10 Quick Tips for Great Reflection Photos | http://photorec.tv

Reflections are a tricky subject. Sometimes it’s all but impossible to avoid a harsh glare in a subject’s glasses. Other times the light turns just the right way, so an ordinary location transforms into a stunning scene. Learning a few simple tips for great reflection photos helps you maximize the potential of a beautiful reflection scene, creating a one of a kind image.

 

Fall Trees Long Exposure Reflection | http://photorec.tv

    • Select a high f/stop number. Choosing an f/stop of 11 or higher brings the entire scene into focus, enhancing the reflection aesthetic. The f/stop for the photo above is f/22. Once you’ve settled on your f/stop, play around with the focus. In some instances, it may be preferable to focus on the subject, while in other cases, it may be preferable to focus on the reflection.

 

    • Think about the angle of the reflection. Explore different viewpoints for the reflection scene, paying attention to the reflection from each viewpoint. In a natural setting, your vantage points may be limited. In the studio, you’ll have more control over the best angle for a given subject and its reflection.

 

Stillwater, MN Bridge Reflection | http://photorec.tv

    • Don’t forget the basic rules of composition. It’s hard to take a bad picture of a stunning natural reflection. However, you’ll turn a good photo into a great photo by composing it properly. Instead of snapping a couple of pictures and moving on, take a few minutes to set up your image. Pay attention to the rule of thirds, leading lines, and framing.

 

    • Whenever possible, shoot during the first or last hours of the day. The first and last hours of the day offer the softest light, minimizing harsh glare and smoothing out reflections. When you’re shooting in the middle of the day, take care to limit shadows and blown out areas and bring out the colors.

 

    • Shoot with a circular polarizer or neutral density filter. Filters aren’t necessary for great reflection photos but do increase your options for shooting. A circular polarizer will help you control the amount of shine in the reflection while deepening the colors and minimizing the blown out areas. A neutral density filter cuts the available light, allowing you to shoot long exposures.

 

An Colorful sunset yesterday behind the US capitol!

A post shared by Adrien Catel (@adriencatel) on

    • Use a tripod to experiment with different shutter speeds. Shooting a long exposure is a popular technique for water reflection photos. Smoothing out the water changes the aesthetic of the photo significantly, softening the image and drawing attention to the subject.

 

Playmobile Wedding Ring Reflection | http://photorec.tv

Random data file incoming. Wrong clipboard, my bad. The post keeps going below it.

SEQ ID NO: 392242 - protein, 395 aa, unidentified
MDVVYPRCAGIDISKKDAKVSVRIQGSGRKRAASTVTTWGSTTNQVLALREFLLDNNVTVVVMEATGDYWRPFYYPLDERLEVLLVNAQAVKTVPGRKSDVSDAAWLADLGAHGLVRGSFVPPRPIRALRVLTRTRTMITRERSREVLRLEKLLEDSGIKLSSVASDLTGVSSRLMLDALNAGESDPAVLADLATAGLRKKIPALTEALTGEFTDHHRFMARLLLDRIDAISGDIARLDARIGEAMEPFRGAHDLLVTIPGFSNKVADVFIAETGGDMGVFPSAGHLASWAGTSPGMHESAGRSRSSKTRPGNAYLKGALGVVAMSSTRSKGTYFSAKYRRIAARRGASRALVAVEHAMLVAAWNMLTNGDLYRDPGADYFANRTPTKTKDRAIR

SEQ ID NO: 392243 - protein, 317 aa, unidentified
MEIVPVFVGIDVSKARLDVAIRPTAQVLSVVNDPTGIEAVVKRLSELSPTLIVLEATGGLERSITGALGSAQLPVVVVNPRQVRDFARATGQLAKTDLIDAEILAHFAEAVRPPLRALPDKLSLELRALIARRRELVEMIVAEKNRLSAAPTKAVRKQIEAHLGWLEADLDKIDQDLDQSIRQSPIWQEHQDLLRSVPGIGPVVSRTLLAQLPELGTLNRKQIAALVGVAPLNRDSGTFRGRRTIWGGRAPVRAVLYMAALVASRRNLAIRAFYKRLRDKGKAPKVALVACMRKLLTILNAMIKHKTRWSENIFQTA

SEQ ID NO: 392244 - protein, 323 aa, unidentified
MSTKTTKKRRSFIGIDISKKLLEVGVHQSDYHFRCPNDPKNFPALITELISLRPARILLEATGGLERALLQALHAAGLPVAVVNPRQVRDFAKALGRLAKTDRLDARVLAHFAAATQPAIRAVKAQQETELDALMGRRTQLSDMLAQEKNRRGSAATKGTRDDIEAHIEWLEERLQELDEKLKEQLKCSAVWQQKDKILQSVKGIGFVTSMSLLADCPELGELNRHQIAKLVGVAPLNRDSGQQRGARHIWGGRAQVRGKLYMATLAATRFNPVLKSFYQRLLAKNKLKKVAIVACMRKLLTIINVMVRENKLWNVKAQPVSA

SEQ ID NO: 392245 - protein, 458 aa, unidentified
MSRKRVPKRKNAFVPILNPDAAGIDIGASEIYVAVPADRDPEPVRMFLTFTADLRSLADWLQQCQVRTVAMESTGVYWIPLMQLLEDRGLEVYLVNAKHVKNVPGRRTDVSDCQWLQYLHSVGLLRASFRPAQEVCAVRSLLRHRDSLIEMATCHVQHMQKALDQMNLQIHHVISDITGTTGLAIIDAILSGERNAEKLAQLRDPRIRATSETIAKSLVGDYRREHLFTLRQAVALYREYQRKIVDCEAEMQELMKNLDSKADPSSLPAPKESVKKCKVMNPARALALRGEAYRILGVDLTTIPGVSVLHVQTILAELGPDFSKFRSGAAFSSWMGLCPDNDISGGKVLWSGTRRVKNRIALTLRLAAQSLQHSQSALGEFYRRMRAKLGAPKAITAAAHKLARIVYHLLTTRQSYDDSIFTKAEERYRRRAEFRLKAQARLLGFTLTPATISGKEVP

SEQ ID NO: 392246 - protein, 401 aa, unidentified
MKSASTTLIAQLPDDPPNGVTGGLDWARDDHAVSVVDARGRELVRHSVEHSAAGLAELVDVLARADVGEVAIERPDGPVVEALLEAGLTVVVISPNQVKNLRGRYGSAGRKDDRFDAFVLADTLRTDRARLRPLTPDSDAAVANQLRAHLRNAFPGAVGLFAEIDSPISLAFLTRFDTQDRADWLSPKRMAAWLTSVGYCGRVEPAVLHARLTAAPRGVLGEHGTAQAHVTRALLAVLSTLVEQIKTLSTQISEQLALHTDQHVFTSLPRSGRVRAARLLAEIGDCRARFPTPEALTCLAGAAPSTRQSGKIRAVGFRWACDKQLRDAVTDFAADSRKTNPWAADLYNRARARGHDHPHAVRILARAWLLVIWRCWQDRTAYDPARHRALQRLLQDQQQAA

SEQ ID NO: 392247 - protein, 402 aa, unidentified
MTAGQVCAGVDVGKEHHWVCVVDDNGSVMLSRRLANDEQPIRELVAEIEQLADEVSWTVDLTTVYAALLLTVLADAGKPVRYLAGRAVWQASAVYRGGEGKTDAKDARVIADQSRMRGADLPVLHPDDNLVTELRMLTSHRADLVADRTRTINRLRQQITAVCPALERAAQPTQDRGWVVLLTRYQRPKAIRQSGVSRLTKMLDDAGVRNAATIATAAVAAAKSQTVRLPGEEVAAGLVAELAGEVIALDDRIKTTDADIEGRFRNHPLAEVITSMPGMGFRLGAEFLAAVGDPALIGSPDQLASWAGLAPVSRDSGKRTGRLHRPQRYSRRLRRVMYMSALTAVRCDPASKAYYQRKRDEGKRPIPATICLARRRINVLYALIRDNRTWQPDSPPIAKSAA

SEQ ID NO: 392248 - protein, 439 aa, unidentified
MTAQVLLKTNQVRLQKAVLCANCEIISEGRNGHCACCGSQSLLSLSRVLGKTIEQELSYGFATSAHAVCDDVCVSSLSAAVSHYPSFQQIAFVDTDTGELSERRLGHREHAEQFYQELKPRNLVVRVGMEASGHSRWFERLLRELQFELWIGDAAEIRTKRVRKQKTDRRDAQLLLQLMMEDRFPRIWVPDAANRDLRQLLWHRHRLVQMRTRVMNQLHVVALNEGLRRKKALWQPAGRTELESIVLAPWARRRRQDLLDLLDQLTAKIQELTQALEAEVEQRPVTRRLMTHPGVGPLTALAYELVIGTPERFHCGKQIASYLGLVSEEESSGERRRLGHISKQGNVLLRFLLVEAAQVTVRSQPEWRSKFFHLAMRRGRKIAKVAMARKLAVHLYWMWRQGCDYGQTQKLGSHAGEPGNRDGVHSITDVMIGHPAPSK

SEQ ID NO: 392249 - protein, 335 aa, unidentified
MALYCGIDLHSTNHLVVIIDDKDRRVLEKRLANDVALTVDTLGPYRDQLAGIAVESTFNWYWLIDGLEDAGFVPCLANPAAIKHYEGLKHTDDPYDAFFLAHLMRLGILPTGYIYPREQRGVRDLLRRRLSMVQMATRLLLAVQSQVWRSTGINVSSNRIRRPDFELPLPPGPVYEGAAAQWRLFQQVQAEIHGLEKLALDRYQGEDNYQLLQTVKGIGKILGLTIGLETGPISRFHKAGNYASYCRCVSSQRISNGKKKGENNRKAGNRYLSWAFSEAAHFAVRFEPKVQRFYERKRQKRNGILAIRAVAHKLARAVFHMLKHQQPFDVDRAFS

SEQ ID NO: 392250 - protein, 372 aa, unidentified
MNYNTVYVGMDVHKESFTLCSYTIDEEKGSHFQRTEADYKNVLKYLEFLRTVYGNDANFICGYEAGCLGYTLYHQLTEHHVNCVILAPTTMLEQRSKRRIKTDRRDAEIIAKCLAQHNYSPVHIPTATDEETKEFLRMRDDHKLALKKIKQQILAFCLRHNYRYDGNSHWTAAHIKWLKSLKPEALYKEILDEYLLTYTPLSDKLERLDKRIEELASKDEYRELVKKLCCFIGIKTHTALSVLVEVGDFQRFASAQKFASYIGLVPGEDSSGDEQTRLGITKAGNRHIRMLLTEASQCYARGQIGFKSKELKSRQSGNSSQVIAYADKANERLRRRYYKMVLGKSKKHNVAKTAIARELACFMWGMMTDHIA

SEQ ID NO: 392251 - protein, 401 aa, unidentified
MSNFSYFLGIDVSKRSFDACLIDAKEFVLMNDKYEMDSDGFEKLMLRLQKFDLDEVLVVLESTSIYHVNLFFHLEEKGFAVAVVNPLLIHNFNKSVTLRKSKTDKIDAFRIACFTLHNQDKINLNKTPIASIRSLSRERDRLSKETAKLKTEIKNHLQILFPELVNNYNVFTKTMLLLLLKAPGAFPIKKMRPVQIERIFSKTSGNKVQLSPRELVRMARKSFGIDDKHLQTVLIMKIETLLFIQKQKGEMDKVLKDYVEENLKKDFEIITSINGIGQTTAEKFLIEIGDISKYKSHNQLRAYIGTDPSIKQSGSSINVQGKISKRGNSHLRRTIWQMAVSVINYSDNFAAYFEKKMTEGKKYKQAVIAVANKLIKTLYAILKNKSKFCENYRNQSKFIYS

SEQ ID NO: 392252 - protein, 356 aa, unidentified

Groot

 

    • Consider reflection surfaces besides water. When people think of reflection photos, their minds often go to water reflections. However, you shouldn’t feel limited to this option. You can create great reflection photos with virtually any surface that produces a reflection from glass windows to mirrored sunglasses and even jewelry.

 

    • In the studio, experiment with lighting a subject from above or behind. Shiny surfaces don’t absorb light. As such, it’s important to think about the amount and angle of the light in relation to the shooting surface. You may produce better results lighting your subject from above or behind than the front or side.

 

Playmobile Wedding Ring Reflection | http://photorec.tv

    • Limit use of flash. While there are exceptions to the rule, in general, using flash isn’t advisable for reflection photography. In most cases, the light will simply bounce right back at you, distracting from the subject. If I had used a flash to light the cake, it would have flashed right on the ring, making it impossible to see the reflection.

 

    • Experiment with creating both realistic and abstract compositions. Shooting reflections allows for a wide spectrum of creativity. You may strive to produce a realistic image that mimics what you see in real life, or you may strive to produce an abstract image. For example, you might choose to shoot a street puddle reflection in manual focus to blur the bright lights.

 

Bonus tip! Finally, keep your eyes open for stunning opportunities to photograph reflection. You never know when you’ll come across a beautiful bridge centered over a flowing river or the light will strike just right and highlight the boats in the harbor.

The images in this post not embedded from Instagram are my own images. The embedded images from Instagram are from members of the Photorec community with the tags #PRTV and #reflection. Consider becoming a PRTV member and joining the support group today!

The 4/29 PRTV Instagram challenge is reflection. Use the hashtags #PRTV_reflection and #PRTV on Instagram to enter up to two of your great reflection photos for the challenge. Entries are due by noon Friday (5/5). Winners are announced the following Saturday (5/6) with the start of a new challenge.

Do you have any additional tips for great reflection photos?

Leave your insight in the comments!

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